I love this wreath because it will work well throughout the winter.  So often by the time Christmas arrives we are already burned out on the decorations.  So many stores and businesses decorate for the holidays sooooooo early that we are really ready for a decoration break by January.  This snowflake and wreath are simple yet bold without a lot of busy sparkly design that scream DECEMBER. Another plus is that it is reusable not only in this application but can be used alone on the front door or even indoors.  Maybe next year I will add a little glass glitter to make it sparkle like snow.

Sunday, December 7, 2014

Making Wreaths and Adding Greens to the Window Boxes

This last week I assembled a large wreath with pine boughs which I will use in the living room window and a small diamond shape wreath that I made for the small window in the front door.

Both wreaths were basically assembled in the same manner but because I used different types of greens the end result looks very different.  For the large wreath, I used very floppy long needle pine with the still attached small pine cones.  Using this type of pine will give you a more relaxed casual wreath.

The small diamond shape wreath was made with spruce cuttings and this gives a denser thicker more traditional wreath.  I had limited available space around the window on the door so this worked perfect.

Once you buy your wreath frames, the yearly cost for making wreaths will be zero as long as you do not need to buy cuttings.  In addition to the frame, you will need a paddle of floral wire.  I buy green but it also comes in silver.

I cut all my greens to around 8-10 inches before I even start.  This will make your wreath making go faster.  If you cut your clippings to size one day and assemble the next day, make sure you store your clippings in a closed plastic bag stored outside.  Warm, dry air is a no no for wreaths....ask my sister. Our first year of wreath making we made A LOT of wreaths.  She made some beautiful blue spruce wreaths that she hung inside her house.  Within days it was raining needles every where.  So even though they look fabulous inside they are really best to use outside.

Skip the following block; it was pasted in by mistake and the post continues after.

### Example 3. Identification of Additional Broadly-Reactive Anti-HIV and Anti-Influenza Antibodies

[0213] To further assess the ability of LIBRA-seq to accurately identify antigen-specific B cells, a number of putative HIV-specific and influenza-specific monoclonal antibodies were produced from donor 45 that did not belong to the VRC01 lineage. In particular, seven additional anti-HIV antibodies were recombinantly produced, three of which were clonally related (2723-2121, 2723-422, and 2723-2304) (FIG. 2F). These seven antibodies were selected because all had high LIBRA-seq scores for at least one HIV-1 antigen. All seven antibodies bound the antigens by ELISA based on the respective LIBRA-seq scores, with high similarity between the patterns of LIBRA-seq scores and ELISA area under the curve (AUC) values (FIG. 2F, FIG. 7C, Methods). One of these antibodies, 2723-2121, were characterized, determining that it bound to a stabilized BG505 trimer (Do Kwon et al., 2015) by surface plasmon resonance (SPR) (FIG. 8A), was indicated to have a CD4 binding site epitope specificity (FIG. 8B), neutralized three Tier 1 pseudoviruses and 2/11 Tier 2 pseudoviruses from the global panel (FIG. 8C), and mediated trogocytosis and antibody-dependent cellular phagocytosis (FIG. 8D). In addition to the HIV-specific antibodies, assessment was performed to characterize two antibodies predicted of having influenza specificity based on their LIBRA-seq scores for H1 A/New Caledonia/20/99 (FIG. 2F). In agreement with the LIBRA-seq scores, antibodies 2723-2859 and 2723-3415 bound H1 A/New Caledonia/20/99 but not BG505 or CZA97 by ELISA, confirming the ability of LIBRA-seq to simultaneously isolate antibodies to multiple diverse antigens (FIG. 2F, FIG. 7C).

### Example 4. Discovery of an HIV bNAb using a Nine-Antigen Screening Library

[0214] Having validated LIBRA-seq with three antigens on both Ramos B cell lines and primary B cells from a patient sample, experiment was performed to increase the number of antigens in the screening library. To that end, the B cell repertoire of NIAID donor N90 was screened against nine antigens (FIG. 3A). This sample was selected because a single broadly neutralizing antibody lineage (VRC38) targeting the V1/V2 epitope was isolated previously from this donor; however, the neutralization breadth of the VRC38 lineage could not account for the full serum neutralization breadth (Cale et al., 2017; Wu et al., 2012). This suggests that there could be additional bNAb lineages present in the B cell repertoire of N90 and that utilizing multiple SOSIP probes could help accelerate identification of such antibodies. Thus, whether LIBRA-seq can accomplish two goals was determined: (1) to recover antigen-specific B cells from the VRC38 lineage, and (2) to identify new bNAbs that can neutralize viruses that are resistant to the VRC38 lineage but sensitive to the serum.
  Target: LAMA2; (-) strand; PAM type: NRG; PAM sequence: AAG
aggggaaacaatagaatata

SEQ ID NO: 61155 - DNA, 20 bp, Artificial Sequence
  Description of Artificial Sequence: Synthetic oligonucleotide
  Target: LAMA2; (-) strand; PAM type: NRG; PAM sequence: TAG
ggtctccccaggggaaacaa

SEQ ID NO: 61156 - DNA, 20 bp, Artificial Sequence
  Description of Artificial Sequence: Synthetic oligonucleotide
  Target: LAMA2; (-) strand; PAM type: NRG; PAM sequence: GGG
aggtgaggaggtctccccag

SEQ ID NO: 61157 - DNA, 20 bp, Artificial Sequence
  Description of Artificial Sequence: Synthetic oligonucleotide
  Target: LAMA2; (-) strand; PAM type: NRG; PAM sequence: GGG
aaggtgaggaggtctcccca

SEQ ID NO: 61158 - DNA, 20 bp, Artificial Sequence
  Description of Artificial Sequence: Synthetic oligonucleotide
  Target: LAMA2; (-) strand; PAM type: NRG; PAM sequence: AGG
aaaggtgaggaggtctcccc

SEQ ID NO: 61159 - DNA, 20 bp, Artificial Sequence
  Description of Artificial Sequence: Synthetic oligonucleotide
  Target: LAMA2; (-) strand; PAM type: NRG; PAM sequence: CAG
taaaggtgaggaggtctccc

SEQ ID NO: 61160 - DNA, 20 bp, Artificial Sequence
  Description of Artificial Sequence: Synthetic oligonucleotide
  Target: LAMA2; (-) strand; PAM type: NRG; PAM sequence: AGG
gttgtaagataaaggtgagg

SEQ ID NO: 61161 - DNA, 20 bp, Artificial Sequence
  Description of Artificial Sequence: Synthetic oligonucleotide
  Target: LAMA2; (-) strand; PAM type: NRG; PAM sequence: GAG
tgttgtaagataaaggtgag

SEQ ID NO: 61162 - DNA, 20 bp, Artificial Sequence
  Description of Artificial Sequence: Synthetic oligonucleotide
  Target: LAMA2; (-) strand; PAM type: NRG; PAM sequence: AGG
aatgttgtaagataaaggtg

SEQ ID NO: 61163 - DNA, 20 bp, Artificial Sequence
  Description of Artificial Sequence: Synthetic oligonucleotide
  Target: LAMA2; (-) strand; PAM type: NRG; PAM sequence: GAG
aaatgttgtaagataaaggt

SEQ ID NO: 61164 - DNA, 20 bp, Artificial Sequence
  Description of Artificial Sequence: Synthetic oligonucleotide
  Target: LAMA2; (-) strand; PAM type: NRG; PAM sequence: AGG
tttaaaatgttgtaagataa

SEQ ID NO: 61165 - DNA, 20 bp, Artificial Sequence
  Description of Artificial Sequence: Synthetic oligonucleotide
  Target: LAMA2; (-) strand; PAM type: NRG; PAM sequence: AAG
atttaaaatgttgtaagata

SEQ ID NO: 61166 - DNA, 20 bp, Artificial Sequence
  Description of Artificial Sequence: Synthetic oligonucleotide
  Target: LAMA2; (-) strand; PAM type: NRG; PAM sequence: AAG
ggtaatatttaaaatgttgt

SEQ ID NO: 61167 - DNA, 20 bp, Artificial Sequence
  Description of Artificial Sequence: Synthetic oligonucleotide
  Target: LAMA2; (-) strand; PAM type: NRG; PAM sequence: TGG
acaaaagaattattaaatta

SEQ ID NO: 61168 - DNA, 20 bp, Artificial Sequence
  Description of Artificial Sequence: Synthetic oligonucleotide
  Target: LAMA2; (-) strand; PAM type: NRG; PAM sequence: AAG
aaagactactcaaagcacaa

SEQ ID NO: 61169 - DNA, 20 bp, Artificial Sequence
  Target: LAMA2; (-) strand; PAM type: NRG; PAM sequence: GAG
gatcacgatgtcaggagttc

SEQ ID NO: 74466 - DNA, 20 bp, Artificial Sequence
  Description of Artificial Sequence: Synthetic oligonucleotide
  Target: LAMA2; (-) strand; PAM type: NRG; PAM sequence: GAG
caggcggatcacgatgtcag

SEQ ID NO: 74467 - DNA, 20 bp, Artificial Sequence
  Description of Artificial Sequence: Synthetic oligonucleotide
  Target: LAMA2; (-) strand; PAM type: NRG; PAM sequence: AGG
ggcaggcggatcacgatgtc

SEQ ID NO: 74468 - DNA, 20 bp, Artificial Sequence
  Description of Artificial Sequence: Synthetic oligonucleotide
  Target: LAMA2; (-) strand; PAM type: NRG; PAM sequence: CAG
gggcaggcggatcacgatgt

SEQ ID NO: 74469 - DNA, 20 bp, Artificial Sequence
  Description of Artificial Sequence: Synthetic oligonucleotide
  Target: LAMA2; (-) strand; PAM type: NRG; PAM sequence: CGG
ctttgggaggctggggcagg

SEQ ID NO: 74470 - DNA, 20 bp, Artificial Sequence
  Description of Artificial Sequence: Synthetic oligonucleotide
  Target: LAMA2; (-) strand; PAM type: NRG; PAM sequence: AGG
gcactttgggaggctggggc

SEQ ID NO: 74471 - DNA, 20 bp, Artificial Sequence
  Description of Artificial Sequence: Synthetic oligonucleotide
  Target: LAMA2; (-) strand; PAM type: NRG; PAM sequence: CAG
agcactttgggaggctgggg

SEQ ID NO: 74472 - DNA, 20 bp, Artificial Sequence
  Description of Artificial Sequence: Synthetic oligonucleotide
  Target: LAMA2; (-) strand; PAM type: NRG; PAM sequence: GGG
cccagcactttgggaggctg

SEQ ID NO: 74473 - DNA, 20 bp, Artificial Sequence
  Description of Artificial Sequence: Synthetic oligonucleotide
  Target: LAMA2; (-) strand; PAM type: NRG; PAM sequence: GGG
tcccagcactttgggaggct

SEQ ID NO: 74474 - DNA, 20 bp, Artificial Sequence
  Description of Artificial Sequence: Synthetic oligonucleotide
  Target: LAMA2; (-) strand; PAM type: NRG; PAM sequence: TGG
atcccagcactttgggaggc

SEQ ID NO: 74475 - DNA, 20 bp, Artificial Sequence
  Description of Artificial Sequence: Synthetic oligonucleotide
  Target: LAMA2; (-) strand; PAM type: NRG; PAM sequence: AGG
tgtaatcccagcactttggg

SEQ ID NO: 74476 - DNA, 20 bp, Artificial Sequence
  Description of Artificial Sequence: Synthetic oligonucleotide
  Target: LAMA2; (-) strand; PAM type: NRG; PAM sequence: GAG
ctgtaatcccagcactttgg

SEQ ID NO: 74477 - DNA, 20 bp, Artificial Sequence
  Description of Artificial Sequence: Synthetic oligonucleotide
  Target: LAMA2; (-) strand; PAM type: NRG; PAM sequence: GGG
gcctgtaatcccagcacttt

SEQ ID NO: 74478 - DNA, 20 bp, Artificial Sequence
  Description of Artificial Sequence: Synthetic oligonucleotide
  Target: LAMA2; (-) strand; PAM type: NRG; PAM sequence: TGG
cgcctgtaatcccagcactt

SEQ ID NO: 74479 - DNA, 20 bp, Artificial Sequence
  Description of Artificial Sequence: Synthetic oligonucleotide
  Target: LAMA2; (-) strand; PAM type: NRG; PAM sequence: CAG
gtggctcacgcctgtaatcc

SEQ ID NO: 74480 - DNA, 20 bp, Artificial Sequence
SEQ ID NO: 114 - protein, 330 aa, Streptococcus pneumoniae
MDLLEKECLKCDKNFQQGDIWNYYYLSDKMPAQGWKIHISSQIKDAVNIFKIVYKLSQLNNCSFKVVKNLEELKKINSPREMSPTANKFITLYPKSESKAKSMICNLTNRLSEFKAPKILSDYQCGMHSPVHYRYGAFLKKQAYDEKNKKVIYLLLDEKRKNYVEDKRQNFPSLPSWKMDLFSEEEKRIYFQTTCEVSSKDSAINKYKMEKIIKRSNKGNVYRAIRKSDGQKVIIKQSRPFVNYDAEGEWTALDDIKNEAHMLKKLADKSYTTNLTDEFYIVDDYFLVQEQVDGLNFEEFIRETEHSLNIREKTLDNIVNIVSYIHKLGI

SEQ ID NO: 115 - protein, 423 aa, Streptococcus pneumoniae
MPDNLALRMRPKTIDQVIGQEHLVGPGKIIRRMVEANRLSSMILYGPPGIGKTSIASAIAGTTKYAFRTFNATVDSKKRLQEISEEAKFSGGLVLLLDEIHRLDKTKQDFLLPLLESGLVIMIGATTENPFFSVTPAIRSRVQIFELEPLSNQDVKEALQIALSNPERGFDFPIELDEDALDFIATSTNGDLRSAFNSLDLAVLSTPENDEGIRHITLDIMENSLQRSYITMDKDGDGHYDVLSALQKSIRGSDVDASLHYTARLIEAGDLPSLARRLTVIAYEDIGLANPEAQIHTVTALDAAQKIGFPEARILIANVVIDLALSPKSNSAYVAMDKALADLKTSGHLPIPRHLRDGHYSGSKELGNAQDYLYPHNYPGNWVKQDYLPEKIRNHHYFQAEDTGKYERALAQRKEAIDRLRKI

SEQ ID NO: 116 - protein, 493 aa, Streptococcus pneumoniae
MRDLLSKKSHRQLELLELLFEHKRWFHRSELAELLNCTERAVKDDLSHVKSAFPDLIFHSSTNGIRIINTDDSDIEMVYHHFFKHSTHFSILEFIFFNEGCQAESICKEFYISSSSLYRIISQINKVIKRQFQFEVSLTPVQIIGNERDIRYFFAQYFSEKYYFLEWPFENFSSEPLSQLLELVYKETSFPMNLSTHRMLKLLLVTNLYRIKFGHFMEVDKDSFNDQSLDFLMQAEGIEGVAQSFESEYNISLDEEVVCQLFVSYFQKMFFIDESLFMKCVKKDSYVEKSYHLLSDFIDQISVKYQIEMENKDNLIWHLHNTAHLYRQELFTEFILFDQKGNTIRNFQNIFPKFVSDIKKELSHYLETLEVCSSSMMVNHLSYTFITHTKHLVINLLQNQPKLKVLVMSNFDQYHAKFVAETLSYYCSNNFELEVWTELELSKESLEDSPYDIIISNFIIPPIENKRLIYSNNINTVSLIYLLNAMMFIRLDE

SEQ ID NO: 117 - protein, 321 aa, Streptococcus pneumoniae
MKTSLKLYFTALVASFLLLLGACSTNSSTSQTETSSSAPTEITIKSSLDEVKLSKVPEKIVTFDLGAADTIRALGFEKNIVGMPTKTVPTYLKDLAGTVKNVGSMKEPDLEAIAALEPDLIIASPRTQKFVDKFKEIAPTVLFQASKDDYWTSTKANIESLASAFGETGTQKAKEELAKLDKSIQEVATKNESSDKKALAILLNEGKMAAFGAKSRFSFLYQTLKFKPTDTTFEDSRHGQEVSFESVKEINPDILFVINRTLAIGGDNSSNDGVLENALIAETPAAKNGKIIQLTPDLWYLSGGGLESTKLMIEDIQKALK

You'll need a flat surface at least a little bigger than your frame.  Attach your wire to your frame....anywhere.

In your hand assemble 2 or three cuttings and place it either to the outside edge or the inside edge and wrap the wire around the greens and the frame.  Now repeat the process on the remaining side.  Now place your next greens over the bottoms of the previous cuttings to cover the cut ends.  Repeat this process around the entire frame.



You can work in a clockwise or counterclockwise manner.  Whichever works best for you.  The first couple of rows will be the most difficult and slowest.  Once you get your rhythm it will go faster.  Do not try and be perfect.  If after you are done and you find you have a few 'wild hairs' just clip them.




To hang your wreath I use a large heavy duty plastic suction cup on my windows and a little brass nail for the wreath on the door.  It's also easier to add your bow and decorations before you hang your wreath.  In the past I have added pine cones, bows, and small feathered birds (Michaels).  White bows and white doves or red bows and red cardinals are some of my favs.  There also peacocks which would look great with ribbon that looks like peacock feathers.

I've already hung my big wreath before I finished decorating it because I wasn't done painting the decoration that I am adding.  My leftover greens were added to the window box.  Remember to save your ribbon spools so that you can store your ribbon after you take down your wreaths.  I just unwire the ribbon and roll it back on to the spool.  This saves space and keeps the ribbon from getting crinkled.  I need to reposition the bow on the front door wreath.  The wind was blowing quite briskly and now my bow looks like a wreath hat.
Why are my photos always so crooked?  It has to be the camera.